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Paint it back: A Kreuzberg neighbourhood tale

INTERVIEW! Artist Wolfgang Lugmair on spicing up Manteuffelstraße with a bold new mural. It's on for the duration of his exhibition "TagNachtLuftWind" at KWADRAT, through Sep 1.

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Artist Wolfgang Lugmair on spicing up Manteuffelstraße with a bold new mural.

Right on the cusp of Kreuzberg 36’s more bustling streets, the tiny KWADRAT gallery occupies a quieter space on Manteuffelstraße, right between a schoolyard basketball court and a quiet cafe. But the gallery, and the street, recently received a bit more colour in July when artist Wolfgang Lugmair, with the help of gallery owner Martin Kwade, unveiled his large-scale mural Drei Uhr nachts und noch lange nicht hell (“Three O’clock at Night and a Long Time Until Dawn”) on the side of the gallery at the opening of his exhibition TagNachtLuftWind (“DayNightAirWind”). And the painting of the colourfully red-and-blue dressed man against a black background, seems to have pleased the residents – even Kreuzberg’s nightcrawling graffiti artists have left the piece alone so far. Check out Lugmair’s other works and (hopefully) the mural through September 1.

 How did things come to be with you and Martin?

Two years ago I painted a wall [mural] in Mexico City and I’ve been thinking about doing something in Berlin ever since. Last year, I saw this wall here and started talking to Martin, suggesting we do something. The landlord had also mentioned to him that he wanted to change the building a bit. So when we were planning my exhibition here in the gallery, I made a sketch, and we showed it to the landlord, and he said okay, let’s do it. It took about a week to think about, plan it and sketch it out, and the process of painting was about one week too.

Was the design made specifically for the neighbourhood and the area, or was it something else that inspired you?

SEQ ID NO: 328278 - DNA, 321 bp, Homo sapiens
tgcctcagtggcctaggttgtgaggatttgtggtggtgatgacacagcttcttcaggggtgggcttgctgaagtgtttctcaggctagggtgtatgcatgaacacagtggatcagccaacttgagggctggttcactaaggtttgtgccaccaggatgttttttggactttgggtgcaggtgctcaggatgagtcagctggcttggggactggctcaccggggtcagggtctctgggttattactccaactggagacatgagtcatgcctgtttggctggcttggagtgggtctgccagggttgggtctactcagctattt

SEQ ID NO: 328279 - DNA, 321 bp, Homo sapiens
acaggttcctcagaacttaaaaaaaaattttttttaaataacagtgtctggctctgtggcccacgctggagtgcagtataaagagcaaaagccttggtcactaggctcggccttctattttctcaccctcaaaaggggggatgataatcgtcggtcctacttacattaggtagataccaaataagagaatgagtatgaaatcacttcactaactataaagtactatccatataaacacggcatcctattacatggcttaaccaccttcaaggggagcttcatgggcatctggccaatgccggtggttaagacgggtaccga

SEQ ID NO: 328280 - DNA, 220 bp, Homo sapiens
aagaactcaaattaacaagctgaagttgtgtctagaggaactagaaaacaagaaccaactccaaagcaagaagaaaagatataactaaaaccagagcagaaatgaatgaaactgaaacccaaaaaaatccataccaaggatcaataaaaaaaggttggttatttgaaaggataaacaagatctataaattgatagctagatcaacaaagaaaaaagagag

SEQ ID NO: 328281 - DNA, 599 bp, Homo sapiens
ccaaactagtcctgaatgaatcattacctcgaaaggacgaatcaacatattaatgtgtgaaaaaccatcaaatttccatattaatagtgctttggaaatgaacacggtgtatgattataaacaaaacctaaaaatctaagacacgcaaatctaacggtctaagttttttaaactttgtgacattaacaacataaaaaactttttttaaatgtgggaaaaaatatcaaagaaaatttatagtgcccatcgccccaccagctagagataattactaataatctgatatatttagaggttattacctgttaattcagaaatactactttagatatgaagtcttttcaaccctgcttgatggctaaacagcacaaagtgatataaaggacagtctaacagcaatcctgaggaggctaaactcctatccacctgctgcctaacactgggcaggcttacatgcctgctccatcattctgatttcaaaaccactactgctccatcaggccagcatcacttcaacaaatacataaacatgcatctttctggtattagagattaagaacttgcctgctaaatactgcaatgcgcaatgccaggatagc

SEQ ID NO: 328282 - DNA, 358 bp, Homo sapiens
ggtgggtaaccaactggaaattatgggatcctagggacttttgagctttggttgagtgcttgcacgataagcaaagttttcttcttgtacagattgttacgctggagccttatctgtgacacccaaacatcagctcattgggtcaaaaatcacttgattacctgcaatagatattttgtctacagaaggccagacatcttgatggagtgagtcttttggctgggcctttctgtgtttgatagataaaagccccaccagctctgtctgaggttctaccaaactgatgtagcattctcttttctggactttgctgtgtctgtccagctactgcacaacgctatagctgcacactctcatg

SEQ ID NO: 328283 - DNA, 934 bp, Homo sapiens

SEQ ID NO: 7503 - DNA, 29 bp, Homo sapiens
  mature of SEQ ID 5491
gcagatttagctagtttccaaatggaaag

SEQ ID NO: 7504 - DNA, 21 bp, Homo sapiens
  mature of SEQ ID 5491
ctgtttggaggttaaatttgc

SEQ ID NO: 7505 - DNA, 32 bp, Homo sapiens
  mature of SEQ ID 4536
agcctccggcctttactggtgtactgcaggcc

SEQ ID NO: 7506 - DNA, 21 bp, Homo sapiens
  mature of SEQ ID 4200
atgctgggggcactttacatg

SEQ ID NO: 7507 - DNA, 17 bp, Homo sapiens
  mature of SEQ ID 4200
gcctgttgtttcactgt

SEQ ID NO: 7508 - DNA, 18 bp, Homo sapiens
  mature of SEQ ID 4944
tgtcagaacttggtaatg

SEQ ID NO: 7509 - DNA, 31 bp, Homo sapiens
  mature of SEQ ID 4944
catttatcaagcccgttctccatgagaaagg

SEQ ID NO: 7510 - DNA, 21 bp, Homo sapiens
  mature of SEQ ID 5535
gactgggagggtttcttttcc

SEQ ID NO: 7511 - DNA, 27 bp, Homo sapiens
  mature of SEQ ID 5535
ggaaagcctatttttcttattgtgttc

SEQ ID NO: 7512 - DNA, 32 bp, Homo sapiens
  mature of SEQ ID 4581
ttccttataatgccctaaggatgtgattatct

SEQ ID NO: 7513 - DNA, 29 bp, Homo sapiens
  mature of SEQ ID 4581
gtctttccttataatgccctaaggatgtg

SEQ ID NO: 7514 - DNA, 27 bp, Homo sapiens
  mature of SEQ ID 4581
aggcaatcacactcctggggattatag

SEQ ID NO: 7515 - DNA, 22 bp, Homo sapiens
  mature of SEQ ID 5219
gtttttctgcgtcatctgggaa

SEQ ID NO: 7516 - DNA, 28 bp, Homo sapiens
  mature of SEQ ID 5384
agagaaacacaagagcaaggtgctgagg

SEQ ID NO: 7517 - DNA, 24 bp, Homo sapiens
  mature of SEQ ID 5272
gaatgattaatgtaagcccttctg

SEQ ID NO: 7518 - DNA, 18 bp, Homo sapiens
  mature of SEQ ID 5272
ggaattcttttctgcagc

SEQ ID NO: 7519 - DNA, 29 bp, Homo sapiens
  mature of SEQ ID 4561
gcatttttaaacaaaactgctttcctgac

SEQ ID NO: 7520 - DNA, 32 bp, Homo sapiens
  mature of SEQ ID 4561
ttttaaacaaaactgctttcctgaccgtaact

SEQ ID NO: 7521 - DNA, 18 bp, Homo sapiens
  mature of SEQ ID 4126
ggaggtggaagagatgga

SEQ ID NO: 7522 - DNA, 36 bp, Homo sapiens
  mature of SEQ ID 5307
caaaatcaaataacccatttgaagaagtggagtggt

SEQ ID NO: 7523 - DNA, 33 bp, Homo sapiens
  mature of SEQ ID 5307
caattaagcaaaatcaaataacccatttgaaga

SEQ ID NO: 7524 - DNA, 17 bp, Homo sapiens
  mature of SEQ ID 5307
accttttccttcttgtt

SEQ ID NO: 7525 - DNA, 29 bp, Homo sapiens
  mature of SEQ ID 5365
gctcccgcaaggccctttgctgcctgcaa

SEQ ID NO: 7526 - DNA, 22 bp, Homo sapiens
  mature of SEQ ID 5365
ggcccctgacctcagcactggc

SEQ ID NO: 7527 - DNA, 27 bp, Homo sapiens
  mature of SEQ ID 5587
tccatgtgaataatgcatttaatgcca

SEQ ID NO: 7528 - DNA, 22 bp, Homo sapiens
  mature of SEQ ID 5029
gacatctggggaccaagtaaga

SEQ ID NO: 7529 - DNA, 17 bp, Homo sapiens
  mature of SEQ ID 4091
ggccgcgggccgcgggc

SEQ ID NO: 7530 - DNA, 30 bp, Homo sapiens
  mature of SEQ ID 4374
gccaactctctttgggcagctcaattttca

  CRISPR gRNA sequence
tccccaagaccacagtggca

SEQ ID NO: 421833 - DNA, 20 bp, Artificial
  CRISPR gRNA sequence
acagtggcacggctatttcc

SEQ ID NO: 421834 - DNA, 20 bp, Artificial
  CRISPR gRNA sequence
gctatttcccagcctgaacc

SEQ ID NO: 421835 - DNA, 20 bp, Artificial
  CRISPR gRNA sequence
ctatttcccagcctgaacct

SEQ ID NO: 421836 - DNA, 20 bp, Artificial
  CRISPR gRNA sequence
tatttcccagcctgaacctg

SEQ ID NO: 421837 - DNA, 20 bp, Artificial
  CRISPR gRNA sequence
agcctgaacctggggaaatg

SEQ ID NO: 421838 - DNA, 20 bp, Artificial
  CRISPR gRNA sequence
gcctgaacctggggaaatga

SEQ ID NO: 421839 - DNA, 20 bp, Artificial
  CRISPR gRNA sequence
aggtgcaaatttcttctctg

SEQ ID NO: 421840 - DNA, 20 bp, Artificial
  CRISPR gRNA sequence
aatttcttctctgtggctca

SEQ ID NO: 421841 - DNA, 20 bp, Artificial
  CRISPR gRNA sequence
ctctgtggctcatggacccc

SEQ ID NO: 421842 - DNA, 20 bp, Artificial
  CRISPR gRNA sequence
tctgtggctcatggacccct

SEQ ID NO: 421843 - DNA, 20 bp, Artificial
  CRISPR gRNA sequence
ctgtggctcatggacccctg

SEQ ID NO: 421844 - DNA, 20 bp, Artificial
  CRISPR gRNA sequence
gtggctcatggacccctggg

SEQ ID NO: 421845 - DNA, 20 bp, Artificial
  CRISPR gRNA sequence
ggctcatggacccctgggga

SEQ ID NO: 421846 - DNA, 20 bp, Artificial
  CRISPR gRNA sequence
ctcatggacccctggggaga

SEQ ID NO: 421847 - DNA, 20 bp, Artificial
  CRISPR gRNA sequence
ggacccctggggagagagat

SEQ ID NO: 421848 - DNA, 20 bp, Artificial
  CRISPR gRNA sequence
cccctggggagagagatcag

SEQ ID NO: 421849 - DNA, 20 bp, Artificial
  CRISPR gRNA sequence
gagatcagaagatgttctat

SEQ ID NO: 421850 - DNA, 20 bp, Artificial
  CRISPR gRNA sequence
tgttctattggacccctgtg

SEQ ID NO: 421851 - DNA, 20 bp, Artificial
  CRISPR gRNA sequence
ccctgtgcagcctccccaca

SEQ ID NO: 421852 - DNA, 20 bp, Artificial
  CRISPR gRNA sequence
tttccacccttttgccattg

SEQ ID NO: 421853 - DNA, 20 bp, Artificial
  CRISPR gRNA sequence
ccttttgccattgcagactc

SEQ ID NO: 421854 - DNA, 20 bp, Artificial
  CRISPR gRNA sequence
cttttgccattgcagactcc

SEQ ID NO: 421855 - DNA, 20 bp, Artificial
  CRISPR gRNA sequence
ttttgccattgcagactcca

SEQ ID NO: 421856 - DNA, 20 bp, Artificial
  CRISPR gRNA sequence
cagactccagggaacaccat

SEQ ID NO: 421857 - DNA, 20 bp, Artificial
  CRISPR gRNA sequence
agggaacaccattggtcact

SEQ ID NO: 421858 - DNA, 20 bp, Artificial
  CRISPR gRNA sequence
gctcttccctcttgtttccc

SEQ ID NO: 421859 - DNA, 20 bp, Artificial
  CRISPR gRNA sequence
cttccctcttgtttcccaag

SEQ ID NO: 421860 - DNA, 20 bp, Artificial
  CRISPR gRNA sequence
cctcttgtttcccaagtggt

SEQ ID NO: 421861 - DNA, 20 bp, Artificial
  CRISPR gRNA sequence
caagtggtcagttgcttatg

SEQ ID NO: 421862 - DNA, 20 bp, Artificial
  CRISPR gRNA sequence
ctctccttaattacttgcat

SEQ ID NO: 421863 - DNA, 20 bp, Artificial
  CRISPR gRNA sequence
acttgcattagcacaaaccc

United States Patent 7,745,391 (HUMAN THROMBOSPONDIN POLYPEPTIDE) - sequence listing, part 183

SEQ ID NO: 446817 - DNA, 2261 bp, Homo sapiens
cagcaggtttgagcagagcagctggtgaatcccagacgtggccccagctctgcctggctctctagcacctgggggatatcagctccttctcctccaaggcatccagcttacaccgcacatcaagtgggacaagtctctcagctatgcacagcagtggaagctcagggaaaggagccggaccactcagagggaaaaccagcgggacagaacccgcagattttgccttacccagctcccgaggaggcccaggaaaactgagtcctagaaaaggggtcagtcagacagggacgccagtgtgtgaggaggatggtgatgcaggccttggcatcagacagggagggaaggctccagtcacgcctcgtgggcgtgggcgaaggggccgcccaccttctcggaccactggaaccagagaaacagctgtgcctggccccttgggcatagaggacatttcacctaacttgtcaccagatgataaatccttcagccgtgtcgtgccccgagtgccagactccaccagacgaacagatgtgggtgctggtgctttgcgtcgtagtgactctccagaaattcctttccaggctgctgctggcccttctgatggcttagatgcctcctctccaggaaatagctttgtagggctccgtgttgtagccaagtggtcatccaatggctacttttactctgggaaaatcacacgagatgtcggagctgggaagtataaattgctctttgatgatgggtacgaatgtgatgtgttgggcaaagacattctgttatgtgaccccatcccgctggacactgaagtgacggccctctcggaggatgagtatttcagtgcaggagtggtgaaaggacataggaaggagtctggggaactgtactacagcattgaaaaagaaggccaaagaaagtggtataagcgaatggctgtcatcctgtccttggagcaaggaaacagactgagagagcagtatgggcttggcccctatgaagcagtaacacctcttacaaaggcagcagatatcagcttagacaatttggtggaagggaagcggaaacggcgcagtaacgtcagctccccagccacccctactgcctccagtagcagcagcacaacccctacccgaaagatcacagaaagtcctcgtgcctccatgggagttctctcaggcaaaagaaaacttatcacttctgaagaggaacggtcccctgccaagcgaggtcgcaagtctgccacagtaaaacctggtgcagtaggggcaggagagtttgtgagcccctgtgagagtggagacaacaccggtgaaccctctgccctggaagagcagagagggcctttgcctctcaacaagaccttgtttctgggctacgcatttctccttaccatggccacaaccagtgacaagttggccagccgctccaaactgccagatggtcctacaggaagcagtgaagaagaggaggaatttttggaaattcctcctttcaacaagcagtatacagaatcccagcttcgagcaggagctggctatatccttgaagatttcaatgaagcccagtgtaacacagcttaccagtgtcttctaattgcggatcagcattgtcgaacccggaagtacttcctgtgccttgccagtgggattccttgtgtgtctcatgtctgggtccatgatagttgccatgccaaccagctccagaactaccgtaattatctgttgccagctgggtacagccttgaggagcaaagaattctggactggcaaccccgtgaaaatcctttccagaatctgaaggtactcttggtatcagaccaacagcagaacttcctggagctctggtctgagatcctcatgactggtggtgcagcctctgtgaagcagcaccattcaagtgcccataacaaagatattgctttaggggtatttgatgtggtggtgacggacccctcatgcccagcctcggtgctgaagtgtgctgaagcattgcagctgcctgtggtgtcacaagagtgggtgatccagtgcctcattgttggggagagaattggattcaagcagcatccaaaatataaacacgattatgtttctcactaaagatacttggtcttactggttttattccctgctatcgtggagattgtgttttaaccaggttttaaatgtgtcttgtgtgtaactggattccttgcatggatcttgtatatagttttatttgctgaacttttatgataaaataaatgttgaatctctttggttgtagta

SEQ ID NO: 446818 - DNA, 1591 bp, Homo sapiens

No, the idea was to connect it to the gallery opening. I thought it could work with my black painting of the house from the exhibition, Großes Haus nachts (“Big House at Night”). I tried to connect the colours to the red of the Klas cafe next door and the green of the mattress imitates the colour of the gallery building. So I tried to connect it with the architecture and the colour around.

What were your favourite reactions to the mural?

There was one teacher who came out to the courtyard and was slightly worried about the skull that I had painted, because of the children. He might have been scared that it was not suitable, but he ended up liking it when he returned two days later. A 12-year-old told me he liked it and older people came along and said, “We don’t get it, but we like it.” Everybody in the neighbourhood comes out, and two or three days of work are enough to get to know everyone, the smaller ones and the older ones. It was an adventure.

Were you nervous about the result or what would happen to mural when it’s done?

I knew it won’t be easy to make. I thought it would be a great experience. I only wanted it to still be there for the opening. There was actually one guy who asked me when the piece will be finished so he could put his tag on it. I invited him to the opening to have a beer. But the guy never showed and neither did his tag. I hope that the mural will last for at least a month though.

How does it feel knowing that this piece might be very temporary?

For me its okay, that was part of the idea, so I’m okay with it not existing for 100 or 200 years. I actually like the idea. The wall is doing its job. I’d like it to last a little longer, but if tomorrow someone were to decide paint or graffiti over it, we wouldn’t call the police.

What made you most proud of the mural?

I’m not exactly proud of it, but I think it’s a good piece and a lot of effort was put into it and I am proud that people like it. It makes me feel more lucky than proud, I guess. To me it’s more of a present to the neighbourhood and the people. I don’t know if they all like it, but I think most of them do and that all makes me feel really lucky.

TagNachtLuftWind, through Sep 1